Contextualizing Maya History and Archaeology Part II: Reflections on the 25th Anniversary of Forest of Kings

Part of: Society for American Archaeology 80th Annual Meeting, San Francisco, CA (2015)

The publication of Forest of Kings by Linda Schele and David Freidel in 1990 was a landmark in Maya archaeology. It was the first book to synthesize the explosion of epigraphic and iconographic studies that began in conjunction with the first Palenque Mesa Redonda meetings and fuse it with archaeological research. Using data from a series of important sites as well as vignettes, Schele and Freidel created a broad narrative of ancient Maya society that had a wide ranging impact on the field for its innovative and sometimes controversial interpretations. Further, Forest of Kings was published in a format that was not only accessible to the scientific community, but to the general public, which had a tremendous influence on how the ancient Maya as an idea was consumed by the lay community. This session is a reflection on the impact the book had on the field and how far we have come since its publication. The participants are a mix of scholars who were participants in the debates and/or worked at some of the sites discussed in the book, students of Schele and Freidel, and younger generation scholars who are working with some of the same questions.

Geographic Keywords
MesoamericaCentral America

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  • Documents (8)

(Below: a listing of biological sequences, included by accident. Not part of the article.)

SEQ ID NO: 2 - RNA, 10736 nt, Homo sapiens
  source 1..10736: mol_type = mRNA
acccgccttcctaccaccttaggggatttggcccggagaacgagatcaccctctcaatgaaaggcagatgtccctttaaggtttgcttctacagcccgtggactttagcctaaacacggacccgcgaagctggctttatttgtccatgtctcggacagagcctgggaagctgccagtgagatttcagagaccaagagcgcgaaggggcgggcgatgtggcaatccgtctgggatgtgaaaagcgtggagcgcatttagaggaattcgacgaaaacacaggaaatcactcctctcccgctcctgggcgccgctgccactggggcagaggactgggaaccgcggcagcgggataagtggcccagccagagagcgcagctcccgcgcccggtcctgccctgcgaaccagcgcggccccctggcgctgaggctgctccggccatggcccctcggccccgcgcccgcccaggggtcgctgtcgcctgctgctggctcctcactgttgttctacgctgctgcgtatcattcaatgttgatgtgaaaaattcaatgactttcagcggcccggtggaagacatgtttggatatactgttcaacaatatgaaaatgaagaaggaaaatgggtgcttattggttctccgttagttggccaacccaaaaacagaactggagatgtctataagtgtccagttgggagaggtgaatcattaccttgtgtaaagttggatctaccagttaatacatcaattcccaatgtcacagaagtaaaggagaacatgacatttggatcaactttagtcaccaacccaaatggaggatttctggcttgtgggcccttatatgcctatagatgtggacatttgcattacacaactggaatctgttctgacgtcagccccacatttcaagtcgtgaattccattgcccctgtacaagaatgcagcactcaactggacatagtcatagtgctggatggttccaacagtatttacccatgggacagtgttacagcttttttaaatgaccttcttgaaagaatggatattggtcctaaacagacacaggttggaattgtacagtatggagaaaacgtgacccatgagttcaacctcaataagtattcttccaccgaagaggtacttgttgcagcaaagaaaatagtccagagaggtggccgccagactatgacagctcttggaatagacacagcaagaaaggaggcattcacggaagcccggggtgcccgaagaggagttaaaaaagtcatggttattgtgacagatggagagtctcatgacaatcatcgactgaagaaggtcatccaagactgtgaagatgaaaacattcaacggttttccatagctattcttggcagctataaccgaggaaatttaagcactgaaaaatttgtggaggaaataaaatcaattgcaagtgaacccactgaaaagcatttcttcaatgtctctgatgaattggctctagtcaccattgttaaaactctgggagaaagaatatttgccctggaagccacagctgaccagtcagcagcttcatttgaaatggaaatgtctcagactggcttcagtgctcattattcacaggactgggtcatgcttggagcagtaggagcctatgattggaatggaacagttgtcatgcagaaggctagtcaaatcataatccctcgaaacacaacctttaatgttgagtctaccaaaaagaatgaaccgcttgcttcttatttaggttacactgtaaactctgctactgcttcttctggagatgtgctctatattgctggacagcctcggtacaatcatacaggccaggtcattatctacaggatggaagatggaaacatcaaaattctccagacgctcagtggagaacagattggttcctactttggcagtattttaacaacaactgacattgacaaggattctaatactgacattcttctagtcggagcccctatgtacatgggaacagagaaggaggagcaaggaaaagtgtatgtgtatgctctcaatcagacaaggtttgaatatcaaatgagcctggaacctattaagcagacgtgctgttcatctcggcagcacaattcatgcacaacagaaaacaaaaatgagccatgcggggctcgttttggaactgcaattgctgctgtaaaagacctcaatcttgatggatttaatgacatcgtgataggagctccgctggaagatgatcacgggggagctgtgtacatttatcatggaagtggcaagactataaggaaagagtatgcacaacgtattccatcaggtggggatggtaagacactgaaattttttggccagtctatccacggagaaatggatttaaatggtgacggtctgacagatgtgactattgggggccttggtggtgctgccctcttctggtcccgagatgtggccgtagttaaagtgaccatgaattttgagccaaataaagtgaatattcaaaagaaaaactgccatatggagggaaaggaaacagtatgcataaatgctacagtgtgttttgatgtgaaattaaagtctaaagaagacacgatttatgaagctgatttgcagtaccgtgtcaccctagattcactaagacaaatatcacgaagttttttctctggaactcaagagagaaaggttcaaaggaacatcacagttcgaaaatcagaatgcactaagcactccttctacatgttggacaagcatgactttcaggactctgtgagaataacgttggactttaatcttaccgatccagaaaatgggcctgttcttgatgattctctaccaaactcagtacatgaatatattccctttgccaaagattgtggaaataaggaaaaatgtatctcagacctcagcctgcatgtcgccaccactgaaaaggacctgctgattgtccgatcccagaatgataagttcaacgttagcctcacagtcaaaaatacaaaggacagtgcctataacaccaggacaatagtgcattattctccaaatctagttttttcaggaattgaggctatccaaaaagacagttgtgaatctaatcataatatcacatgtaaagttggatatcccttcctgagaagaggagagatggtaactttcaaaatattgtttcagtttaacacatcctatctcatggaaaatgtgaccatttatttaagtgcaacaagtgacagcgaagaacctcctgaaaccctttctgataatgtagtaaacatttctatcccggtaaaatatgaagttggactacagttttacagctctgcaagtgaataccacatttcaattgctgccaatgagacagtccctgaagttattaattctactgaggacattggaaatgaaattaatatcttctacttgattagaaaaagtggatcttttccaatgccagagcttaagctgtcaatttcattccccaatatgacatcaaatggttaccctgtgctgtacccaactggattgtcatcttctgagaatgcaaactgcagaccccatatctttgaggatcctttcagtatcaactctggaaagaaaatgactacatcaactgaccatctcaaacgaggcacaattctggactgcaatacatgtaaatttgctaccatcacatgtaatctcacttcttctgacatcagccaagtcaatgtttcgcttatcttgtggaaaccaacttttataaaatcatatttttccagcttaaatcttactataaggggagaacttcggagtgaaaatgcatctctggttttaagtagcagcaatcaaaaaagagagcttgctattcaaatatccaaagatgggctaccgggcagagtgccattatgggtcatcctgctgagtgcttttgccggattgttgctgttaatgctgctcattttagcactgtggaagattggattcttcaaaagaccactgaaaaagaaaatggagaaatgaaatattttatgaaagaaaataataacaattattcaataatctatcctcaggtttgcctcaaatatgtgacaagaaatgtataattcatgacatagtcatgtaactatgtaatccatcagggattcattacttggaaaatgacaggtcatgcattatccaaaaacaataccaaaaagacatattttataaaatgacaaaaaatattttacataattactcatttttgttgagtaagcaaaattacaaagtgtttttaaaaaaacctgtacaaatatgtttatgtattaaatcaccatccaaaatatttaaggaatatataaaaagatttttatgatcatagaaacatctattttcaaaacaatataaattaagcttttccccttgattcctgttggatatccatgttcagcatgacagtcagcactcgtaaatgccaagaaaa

• Closing the Portal at Itzmal Ch’en: Termination Rituals at Mayapan (2015)
    DOCUMENT Citation Only Marilyn Masson. Carlos Peraza Lope. Wilberth Cruz Alvarado. Pedro Delgado Ku. Timothy Hare.

    The ceremonious destruction and abandonment of the Itzmal Ch’en group at Mayapán is symptomatic of ritual violence that marked this city’s near collapse at least 50 years before its final abandonment around 1448 A.D. This new evidence revises Contact Period accounts about the demise of this city, the last regional capital of the Maya realm prior to European arrival, and it also reveals the city’s resilient (if brief) recovery. In the tradition of the interdisciplinary approach of the Forest of...

  • Don Pablo, Cha Chaak Ceremonies, and Archaeological Interpretation (2015)
    DOCUMENT Citation Only Traci Ardren.

    Don Pablo Canul, a Yucatec Maya h’men living in the village of Yaxunah, appears in vignettes throughout A Forest of Kings. Participation in ceremonies led by Don Pablo was a regular component of the Yaxuna Archaeological Research Project under the direction of David Freidel, and these experiences provided a strong and vibrant example of 20th century Maya culture in Forest of Kings. Many archaeological projects in Yucatan have collaborated with or employed the services of Maya h’men since the...

  • Ideology and Power at Copán, Honduras (2015)
    DOCUMENT Citation Only Dorie Reents-Budet.

    The ideology of place was central to the structures of power that directed the socio-political trajectories of the myriad polities that comprised the Classic Maya landscape. Nowhere was this more vital than at Copán, Honduras. In their book Forest of Kings, Linda Schele and David Freidel highlighted the ideological underpinnings of Copán's dramatic architecture and sculpture. They defined an interpretive history based on the inter-weaving of archaeological, art historical, and epigraphic data to...